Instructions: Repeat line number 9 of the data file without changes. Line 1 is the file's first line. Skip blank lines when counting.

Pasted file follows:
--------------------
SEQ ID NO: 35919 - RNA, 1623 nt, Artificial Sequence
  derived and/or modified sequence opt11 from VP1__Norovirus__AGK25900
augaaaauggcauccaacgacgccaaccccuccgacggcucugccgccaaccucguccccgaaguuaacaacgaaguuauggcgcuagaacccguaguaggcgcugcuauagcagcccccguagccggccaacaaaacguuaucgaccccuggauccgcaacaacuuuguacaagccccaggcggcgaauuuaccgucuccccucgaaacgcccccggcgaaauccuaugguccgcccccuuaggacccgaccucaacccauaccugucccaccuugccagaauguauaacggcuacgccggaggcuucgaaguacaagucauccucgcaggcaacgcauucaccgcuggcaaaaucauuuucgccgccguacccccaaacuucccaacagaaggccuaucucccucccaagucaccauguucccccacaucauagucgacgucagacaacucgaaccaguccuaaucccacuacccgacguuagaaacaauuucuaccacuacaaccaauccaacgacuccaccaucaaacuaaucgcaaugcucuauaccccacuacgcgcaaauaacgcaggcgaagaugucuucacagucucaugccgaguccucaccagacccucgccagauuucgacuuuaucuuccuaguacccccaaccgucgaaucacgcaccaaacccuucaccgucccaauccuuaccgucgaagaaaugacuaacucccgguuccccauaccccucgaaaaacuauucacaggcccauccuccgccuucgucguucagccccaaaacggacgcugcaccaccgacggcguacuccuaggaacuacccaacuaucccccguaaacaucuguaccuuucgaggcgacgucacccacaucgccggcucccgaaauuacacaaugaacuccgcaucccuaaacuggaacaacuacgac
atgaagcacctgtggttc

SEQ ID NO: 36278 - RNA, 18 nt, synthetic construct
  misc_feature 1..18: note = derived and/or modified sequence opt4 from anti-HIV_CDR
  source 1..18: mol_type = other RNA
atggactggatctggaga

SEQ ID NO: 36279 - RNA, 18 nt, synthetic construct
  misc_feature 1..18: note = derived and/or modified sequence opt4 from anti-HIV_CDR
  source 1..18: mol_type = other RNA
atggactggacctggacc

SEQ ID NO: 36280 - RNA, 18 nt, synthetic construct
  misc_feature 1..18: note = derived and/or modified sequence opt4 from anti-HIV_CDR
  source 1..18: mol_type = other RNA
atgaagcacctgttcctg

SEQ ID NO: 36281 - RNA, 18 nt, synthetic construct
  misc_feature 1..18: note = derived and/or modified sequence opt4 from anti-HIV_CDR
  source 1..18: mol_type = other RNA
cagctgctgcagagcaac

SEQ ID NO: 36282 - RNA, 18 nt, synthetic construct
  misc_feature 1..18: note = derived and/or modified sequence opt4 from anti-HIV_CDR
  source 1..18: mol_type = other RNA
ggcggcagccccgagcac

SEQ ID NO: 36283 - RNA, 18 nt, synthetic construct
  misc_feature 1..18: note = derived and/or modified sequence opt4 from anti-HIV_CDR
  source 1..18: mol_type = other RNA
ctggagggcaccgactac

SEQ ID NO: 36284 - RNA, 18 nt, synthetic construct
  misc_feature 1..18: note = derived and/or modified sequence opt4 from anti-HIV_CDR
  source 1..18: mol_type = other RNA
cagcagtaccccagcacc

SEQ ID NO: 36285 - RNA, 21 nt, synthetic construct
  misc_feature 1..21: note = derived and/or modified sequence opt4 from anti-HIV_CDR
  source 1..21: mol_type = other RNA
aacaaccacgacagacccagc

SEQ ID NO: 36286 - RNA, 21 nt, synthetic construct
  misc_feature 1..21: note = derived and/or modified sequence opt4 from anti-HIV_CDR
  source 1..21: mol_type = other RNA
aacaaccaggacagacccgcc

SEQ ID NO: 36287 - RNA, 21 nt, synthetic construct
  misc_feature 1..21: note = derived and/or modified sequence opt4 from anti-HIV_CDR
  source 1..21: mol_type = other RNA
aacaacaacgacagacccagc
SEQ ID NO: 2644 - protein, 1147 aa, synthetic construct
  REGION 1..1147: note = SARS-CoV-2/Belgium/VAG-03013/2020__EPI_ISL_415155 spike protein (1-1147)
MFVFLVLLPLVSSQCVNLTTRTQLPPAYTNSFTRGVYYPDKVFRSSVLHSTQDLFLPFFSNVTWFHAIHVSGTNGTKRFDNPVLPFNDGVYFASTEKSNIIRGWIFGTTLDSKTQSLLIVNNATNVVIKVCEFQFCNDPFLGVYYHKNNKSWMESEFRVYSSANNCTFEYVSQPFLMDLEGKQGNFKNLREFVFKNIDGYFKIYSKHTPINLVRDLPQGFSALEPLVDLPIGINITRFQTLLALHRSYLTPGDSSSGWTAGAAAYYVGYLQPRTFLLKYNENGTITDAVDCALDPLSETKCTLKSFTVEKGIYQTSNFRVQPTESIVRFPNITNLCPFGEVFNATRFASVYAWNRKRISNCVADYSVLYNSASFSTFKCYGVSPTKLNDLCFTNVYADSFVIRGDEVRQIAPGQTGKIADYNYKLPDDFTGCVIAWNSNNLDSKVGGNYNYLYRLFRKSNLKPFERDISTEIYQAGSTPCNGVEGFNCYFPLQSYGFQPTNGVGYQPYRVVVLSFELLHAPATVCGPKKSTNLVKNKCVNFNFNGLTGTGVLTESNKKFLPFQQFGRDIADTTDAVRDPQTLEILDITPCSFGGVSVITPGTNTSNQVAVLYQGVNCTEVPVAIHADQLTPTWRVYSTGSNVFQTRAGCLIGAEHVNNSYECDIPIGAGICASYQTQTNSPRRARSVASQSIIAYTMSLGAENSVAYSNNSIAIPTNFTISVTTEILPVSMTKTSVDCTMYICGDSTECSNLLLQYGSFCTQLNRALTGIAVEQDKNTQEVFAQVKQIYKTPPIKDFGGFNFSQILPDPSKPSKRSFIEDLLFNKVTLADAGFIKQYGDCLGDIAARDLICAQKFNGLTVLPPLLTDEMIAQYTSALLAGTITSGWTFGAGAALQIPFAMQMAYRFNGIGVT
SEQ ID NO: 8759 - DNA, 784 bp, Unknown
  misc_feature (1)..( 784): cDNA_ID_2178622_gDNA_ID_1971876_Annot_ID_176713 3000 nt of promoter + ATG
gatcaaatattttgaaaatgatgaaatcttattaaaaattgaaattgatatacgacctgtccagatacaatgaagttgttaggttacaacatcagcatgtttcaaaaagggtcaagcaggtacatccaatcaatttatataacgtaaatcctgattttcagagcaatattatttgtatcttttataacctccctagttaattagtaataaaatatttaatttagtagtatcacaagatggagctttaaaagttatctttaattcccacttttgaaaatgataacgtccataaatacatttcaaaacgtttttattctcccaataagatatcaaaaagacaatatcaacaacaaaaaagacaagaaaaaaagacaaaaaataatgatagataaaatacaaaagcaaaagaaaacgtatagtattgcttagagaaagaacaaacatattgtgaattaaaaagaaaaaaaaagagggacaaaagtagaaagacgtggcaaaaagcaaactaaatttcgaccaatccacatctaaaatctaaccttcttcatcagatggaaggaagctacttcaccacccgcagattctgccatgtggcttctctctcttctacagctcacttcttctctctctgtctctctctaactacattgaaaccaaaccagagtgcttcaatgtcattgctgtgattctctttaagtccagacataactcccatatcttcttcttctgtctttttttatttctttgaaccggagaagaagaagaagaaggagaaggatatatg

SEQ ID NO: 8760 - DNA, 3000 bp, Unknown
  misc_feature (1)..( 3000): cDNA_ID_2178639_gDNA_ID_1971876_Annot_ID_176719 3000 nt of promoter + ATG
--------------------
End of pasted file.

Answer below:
SEQ ID NO: 36279 - RNA, 18 nt, synthetic construct